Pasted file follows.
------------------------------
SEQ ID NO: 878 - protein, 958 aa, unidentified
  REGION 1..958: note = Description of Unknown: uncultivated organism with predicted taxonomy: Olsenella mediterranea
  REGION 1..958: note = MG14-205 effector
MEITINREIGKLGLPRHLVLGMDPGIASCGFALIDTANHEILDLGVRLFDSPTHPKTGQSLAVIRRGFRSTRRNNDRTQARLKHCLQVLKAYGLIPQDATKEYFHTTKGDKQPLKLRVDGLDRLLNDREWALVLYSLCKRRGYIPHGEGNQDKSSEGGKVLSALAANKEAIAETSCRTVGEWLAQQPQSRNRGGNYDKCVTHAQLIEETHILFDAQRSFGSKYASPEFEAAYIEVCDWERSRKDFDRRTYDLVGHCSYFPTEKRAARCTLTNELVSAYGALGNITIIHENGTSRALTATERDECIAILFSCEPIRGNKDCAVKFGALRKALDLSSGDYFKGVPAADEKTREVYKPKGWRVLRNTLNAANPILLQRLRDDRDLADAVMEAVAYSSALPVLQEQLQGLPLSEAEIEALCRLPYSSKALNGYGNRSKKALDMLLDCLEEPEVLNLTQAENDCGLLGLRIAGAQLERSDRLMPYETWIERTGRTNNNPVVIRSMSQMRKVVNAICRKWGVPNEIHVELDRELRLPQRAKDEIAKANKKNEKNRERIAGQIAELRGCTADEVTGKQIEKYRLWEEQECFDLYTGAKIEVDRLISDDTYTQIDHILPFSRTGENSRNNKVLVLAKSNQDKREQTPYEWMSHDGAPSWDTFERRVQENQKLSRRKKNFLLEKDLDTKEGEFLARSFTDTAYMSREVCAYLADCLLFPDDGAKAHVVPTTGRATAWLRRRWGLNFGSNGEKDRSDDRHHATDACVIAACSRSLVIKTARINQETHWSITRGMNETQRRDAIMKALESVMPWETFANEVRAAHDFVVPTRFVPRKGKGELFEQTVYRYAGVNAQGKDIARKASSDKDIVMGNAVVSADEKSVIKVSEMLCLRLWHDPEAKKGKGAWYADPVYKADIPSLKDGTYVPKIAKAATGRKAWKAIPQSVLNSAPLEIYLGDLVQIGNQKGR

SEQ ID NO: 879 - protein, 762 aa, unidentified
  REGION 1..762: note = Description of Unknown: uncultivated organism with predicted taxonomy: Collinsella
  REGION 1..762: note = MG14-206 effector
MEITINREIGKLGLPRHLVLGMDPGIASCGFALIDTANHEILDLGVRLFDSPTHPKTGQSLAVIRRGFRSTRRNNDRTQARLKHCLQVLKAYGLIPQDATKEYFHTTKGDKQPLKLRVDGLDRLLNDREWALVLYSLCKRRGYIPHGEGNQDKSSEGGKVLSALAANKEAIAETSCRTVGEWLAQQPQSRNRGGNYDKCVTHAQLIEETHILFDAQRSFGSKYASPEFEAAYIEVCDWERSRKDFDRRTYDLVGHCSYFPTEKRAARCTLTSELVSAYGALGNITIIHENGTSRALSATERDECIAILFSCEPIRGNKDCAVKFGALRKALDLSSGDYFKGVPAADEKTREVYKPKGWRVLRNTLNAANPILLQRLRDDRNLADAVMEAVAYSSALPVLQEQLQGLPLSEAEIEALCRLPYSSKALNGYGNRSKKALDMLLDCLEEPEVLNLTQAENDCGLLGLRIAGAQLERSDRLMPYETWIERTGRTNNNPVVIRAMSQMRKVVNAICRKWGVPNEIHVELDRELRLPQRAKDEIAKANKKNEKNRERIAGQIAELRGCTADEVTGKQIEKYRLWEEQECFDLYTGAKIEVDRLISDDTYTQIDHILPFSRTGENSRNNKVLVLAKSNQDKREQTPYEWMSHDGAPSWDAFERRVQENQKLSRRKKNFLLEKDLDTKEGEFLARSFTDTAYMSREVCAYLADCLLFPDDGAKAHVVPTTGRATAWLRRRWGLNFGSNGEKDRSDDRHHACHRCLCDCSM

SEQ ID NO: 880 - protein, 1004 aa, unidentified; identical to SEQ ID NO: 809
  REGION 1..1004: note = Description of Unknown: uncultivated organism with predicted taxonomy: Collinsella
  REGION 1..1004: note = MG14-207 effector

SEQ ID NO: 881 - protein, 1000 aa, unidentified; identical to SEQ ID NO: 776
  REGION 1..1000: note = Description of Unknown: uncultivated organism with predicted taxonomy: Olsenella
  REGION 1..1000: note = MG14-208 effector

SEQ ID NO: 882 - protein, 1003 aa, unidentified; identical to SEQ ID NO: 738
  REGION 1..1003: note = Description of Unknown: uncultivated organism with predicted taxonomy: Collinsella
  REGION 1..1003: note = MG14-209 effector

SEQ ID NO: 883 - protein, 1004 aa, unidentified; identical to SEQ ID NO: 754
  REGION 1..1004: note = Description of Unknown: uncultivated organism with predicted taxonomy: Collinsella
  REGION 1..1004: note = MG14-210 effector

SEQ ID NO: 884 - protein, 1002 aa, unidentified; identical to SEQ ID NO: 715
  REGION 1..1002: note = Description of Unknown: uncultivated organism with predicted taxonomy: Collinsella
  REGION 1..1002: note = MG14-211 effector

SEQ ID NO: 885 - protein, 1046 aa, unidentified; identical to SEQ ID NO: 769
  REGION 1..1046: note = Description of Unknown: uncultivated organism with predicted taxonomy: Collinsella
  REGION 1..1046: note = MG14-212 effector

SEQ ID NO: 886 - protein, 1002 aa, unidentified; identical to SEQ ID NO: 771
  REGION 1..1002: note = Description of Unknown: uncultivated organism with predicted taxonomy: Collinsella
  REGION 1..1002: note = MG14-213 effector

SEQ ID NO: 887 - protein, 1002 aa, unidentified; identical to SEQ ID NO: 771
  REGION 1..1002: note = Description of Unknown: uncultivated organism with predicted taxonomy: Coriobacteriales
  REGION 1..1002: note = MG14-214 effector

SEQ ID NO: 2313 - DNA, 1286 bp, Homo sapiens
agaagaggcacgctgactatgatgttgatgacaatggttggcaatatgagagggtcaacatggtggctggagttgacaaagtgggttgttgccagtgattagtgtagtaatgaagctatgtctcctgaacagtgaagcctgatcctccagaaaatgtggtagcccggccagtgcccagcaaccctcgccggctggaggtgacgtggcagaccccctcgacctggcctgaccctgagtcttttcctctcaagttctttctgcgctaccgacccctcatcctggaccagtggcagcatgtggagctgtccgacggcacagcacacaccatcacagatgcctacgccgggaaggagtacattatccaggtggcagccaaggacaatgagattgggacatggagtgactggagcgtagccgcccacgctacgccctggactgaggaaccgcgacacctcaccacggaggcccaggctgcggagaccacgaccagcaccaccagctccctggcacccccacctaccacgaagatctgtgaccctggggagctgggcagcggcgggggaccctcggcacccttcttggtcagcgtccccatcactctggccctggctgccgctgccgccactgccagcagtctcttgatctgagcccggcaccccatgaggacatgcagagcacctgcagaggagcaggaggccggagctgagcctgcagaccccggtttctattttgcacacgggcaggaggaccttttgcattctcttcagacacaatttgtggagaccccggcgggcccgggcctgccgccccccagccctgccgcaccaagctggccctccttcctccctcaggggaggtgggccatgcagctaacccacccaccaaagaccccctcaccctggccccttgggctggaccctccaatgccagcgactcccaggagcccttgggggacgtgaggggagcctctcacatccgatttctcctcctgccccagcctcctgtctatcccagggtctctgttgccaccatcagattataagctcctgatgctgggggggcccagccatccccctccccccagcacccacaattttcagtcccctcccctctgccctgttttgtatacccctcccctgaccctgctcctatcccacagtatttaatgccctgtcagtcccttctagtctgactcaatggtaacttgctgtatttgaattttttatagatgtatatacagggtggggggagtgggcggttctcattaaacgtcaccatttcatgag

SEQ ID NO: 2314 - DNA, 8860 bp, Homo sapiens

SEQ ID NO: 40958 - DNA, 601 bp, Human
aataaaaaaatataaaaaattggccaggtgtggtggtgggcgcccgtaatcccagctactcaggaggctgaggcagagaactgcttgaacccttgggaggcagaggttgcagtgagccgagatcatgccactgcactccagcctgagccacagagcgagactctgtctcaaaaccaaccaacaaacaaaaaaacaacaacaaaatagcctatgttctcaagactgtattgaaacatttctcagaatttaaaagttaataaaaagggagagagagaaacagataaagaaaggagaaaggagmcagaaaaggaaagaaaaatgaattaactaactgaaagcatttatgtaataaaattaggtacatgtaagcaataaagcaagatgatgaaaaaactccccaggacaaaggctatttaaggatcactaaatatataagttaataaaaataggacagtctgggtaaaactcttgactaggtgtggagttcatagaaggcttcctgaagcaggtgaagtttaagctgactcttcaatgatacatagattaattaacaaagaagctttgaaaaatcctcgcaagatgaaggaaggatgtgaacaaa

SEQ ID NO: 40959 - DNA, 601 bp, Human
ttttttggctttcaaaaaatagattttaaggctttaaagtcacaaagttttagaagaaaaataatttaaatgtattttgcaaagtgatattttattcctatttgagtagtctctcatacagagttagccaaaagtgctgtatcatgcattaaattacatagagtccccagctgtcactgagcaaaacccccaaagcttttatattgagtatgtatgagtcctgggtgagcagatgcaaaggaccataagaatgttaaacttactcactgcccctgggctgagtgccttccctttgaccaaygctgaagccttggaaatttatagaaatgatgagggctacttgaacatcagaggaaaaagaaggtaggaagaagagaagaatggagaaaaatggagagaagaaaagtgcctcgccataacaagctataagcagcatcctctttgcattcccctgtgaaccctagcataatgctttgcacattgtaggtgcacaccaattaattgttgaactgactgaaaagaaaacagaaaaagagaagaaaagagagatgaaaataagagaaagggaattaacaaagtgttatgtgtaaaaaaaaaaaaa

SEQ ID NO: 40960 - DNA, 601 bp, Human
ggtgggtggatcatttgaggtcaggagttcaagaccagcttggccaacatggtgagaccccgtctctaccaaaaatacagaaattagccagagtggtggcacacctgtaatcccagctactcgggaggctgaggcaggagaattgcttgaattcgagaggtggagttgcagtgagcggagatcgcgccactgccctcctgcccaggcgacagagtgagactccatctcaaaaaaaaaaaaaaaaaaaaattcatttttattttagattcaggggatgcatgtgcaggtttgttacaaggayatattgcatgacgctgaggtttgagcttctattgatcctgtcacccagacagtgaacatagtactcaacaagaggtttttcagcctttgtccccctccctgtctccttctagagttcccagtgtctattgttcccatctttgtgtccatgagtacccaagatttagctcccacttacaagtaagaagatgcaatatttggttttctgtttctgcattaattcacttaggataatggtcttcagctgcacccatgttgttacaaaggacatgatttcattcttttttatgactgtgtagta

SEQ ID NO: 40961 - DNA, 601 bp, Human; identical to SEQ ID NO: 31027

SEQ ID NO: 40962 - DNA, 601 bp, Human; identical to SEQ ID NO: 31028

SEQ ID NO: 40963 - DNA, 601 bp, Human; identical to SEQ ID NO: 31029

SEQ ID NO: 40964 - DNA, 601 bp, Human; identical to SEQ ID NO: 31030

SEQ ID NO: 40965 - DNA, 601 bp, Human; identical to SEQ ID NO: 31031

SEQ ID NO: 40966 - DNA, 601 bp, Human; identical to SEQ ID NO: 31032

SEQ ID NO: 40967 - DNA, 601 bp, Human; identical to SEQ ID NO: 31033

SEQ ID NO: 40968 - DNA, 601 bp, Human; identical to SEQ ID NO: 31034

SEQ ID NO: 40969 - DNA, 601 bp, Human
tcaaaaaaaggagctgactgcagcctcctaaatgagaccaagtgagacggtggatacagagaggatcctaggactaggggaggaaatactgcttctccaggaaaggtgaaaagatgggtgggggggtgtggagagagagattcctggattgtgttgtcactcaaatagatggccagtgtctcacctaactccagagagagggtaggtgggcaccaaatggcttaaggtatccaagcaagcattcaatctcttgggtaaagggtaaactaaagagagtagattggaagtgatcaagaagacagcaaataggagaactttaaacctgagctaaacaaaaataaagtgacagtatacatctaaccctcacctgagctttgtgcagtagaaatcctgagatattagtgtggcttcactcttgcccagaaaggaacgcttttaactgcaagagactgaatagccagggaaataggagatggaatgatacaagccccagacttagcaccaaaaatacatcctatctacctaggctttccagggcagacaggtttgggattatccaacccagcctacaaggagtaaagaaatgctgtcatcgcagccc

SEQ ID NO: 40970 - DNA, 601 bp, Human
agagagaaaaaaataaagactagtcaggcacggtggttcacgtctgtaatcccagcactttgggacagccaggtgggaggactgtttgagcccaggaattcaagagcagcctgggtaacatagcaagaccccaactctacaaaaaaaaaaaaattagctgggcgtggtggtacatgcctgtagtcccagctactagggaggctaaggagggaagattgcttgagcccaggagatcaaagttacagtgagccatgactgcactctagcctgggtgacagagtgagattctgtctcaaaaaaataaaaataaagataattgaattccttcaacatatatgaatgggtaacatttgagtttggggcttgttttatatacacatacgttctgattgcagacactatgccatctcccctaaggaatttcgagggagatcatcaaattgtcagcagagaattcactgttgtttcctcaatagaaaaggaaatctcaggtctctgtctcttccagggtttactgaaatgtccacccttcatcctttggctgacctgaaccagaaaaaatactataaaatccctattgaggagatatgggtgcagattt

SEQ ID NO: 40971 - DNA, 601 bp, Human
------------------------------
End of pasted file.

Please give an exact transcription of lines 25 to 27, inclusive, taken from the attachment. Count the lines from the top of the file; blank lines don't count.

  REGION 1..1046: note = Description of Unknown: uncultivated organism with predicted taxonomy: Collinsella
  REGION 1..1046: note = MG14-212 effector

SEQ ID NO: 886 - protein, 1002 aa, unidentified; identical to SEQ ID NO: 771